"Only four species of apple, all of them crabapples, are native to North America," Nancy Coverstone of University of Maine’s Cooperative Extension says. Of the four, two are native to Canada. Malus fusca and Malus coronaria both ranged through British Columbia and Malus coronaria grew in Ontario.
Names of Native Crabapples
The four native crabapples are now listed as "malus."
One, Malus coronaria, also known as Pyrus coronaria, is commonly known as American crabapple or sweet crabapple.
The southern crabapple is properly called Malus angustifolia.
Malus ioensis is known as the prairie or Iowa crabapple, and Malus fusca—the Oregon crabapple or Pacific crabapple—was formerly Malus diversifolia.
Original Range of Native Crabapples
Each native crabapple occupied a home range and native habitat niche.
Malus angustifolia originally grew from Florida to Southeast Texas, in Arkansas, Kentucky and Illinois. It did have one anomaly in its range, since it was also found in the more northern state of New Jersey although primarily a southeastern and southern Midwest crabapple.
Malus coronaria’s original range spread across central New York through southern Wisconsin and down through Delaware to a belt stretching across northern North Carolina to northeastern Arkansas. You could also find it in Georgia.
Malus fusca occupied a range from southern Alaska south through the Pacific northwest of Washington and Oregon and about 1,000 miles into northern California along the Pacific Coast.
Malus ioensis’s original range was a belt from Minnesota and Wisconsin south to Oklahoma down through Louisiana. It was also found in Kentucky.
Current Wild Range
The ranges of native crabapples have extended and now overlap. The exception is the Pacific crababble, Malus fusca, which is still restricted to its original range along the Pacific Coast from Alaska and Canada through northern California.
Malus angustifolia now grows from Florida through Pennsylvania and into the eastern Midwest. It did have one anomaly in its range, since it was found in New Jersey
Malus coronaria occupies nearly the same range as Malus Angustifolia, with one exception; it is not found in Florida. It also grows in the northern states of Wyoming, Wisconsin, Michigan and New York and is still found in two Canadian provinces.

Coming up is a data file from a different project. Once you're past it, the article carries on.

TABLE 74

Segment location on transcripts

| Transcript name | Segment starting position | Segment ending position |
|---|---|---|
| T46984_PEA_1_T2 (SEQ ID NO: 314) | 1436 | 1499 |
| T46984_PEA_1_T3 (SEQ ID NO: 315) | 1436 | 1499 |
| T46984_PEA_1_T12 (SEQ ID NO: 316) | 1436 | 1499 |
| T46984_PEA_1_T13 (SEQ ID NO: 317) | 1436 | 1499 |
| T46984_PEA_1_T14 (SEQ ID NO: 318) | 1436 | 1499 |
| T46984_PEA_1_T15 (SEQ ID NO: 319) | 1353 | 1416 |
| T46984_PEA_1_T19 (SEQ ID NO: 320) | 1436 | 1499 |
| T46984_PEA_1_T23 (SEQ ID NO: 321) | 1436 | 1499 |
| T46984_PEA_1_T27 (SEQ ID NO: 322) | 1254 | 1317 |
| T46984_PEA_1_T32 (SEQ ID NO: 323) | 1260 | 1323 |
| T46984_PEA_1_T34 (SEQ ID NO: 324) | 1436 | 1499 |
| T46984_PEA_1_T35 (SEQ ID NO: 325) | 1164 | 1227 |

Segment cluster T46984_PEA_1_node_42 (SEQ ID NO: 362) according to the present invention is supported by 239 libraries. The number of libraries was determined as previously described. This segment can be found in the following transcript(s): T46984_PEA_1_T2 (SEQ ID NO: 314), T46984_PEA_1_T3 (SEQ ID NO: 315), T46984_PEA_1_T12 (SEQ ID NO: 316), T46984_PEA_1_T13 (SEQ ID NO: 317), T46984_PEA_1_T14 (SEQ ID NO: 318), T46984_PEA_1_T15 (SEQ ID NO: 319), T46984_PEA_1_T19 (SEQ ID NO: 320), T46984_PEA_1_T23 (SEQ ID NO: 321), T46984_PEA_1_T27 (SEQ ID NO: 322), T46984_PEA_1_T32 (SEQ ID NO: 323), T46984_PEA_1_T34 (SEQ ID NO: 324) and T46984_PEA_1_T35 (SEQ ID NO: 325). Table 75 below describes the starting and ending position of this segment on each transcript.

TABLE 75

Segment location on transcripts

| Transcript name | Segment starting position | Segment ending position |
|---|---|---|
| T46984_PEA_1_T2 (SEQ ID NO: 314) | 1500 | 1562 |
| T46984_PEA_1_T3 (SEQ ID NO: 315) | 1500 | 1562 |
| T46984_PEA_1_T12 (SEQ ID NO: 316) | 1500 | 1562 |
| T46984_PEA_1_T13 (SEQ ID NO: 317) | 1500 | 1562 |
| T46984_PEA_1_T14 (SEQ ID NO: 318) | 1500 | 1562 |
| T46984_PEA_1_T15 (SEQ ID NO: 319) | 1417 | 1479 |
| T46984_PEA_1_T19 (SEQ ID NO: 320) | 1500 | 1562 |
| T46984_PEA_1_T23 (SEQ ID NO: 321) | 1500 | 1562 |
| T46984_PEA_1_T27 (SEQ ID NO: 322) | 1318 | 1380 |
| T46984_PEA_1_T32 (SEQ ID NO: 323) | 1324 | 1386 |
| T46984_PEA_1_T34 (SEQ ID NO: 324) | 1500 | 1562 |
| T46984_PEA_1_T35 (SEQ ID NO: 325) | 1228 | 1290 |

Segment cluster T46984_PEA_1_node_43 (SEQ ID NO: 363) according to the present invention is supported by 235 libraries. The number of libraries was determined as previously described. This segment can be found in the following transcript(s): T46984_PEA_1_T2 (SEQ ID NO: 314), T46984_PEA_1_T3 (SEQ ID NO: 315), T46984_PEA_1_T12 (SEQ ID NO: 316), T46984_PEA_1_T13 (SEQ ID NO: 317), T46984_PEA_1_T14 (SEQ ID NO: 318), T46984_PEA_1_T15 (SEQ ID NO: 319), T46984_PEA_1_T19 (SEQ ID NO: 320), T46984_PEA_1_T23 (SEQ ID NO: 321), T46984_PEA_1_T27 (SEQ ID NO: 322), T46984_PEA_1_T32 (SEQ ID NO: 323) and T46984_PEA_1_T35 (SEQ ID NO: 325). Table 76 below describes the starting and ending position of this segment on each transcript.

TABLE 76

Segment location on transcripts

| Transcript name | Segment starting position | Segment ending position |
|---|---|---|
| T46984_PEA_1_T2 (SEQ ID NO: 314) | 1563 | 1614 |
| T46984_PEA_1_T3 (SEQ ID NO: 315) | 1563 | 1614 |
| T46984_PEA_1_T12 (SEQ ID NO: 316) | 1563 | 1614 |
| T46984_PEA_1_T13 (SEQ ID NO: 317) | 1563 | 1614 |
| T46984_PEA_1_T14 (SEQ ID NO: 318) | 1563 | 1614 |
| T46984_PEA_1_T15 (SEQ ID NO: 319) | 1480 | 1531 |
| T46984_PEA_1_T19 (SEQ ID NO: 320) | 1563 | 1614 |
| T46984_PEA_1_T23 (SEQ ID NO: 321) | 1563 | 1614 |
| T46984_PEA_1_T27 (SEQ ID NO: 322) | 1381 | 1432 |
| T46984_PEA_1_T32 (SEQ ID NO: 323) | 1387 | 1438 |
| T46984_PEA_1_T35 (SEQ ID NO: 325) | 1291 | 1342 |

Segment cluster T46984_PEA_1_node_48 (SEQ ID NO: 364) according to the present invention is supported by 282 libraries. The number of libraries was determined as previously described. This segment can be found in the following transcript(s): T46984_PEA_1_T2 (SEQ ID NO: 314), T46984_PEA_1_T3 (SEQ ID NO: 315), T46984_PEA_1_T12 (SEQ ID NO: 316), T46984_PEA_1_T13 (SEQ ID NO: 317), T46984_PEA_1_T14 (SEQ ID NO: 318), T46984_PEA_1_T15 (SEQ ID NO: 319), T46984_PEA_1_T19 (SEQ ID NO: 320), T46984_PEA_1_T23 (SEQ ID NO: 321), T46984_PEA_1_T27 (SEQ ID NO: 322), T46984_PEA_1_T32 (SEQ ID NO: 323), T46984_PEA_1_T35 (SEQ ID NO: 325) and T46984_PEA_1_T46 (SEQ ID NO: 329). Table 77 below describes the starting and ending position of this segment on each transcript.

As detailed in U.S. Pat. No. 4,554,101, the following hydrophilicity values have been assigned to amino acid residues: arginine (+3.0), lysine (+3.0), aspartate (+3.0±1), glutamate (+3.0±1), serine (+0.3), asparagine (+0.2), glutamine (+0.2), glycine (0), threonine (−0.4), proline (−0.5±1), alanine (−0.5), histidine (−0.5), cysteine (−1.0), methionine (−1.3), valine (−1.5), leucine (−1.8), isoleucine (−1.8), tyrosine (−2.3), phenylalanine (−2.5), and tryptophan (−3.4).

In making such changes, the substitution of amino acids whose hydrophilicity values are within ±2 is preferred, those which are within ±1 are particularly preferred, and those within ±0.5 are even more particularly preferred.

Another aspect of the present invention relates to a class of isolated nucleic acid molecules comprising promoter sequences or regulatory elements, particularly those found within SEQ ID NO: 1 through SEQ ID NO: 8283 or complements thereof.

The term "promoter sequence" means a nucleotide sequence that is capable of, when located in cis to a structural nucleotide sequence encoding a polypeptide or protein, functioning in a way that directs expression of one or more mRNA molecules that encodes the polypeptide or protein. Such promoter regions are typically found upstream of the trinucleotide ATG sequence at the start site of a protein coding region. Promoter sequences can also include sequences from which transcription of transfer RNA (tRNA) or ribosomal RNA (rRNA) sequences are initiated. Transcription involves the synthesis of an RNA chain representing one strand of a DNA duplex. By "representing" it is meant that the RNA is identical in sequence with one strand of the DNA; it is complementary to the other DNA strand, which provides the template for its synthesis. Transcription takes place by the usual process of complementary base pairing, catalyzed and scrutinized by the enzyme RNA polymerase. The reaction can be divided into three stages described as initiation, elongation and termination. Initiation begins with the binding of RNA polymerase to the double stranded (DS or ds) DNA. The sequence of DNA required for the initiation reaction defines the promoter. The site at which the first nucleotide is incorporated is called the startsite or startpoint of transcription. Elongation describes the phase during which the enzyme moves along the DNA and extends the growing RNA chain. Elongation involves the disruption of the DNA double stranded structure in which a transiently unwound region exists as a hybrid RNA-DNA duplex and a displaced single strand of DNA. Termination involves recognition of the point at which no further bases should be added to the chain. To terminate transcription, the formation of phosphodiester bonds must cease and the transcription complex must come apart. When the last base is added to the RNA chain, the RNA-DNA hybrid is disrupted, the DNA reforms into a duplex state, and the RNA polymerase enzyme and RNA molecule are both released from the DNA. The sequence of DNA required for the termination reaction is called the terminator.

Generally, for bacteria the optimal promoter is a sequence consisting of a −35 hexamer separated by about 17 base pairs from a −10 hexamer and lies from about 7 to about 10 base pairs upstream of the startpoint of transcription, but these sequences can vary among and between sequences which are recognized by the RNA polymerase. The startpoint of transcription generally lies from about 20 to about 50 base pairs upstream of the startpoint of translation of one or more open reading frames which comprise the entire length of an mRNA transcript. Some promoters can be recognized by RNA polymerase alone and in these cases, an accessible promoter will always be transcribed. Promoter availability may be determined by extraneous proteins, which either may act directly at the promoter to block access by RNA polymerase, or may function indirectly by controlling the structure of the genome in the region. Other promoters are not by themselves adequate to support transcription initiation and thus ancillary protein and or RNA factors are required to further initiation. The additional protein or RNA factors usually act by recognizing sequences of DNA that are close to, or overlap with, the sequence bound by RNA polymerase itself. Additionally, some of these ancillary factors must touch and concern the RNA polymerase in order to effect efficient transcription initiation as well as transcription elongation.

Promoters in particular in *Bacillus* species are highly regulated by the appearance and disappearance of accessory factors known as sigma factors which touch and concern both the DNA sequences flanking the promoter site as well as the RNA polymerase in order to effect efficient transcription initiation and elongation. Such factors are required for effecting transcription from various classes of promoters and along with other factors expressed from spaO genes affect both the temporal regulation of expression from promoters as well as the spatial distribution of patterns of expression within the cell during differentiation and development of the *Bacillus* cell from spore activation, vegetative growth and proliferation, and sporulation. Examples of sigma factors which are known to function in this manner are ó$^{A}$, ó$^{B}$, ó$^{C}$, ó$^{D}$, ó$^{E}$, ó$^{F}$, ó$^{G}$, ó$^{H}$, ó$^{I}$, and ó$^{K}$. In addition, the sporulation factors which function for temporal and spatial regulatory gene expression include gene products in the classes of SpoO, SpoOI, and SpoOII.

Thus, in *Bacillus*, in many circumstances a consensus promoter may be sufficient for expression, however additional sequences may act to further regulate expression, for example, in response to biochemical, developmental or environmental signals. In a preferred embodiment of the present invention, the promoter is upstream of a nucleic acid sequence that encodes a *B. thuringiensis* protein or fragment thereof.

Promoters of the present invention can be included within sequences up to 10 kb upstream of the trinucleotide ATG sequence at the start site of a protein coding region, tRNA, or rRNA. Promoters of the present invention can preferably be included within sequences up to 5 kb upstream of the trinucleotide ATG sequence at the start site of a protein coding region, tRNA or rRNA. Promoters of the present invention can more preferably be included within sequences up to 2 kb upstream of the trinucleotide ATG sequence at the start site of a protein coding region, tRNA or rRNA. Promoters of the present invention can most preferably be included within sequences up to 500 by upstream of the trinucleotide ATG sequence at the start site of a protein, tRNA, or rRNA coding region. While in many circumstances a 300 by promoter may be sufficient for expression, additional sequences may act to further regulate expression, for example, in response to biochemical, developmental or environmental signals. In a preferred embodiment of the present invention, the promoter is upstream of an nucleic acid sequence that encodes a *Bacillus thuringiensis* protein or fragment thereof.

Malus ioensis occupies a belt from the northern Midwest to Texas and Louisiana. It also grows in Wyoming.
Why Have Ranges Changed?
Native crabapple seeds are spread by animal and human means. Animal and bird territories can cover several miles and animals or birds spread the seeds when they defecate after eating. Deliberate plantings made by homesteaders, wildlife managers and horticulturists who noticed the adaptability of native crabapples have increased original ranges. Native Americans gathered crabapples and nomadic tribes may have spread seeds as they traveled.
New Varieties, New Ranges
Man always tries to improve on native species. One of the drawbacks of native crabapples is their susceptibility to common apple diseases. New cultivars are being developed to improve wildlife habitat. Since they are disease resistant and withstand more temperature extremes they can be planted in more climate zones and will expand the range of native crabapples.
- University of Maine Cooperative Extension: Wild Apple Trees for Wildlife
- University of Texas Native Plant Database: Malus species
- United States Geological Survey: Digital Representations of tree Species Range Maps
- EncyclopediaofAlabama.org: Native American Foods
- U.S. Department of Agriculture: "Big O" Wild Crabapple
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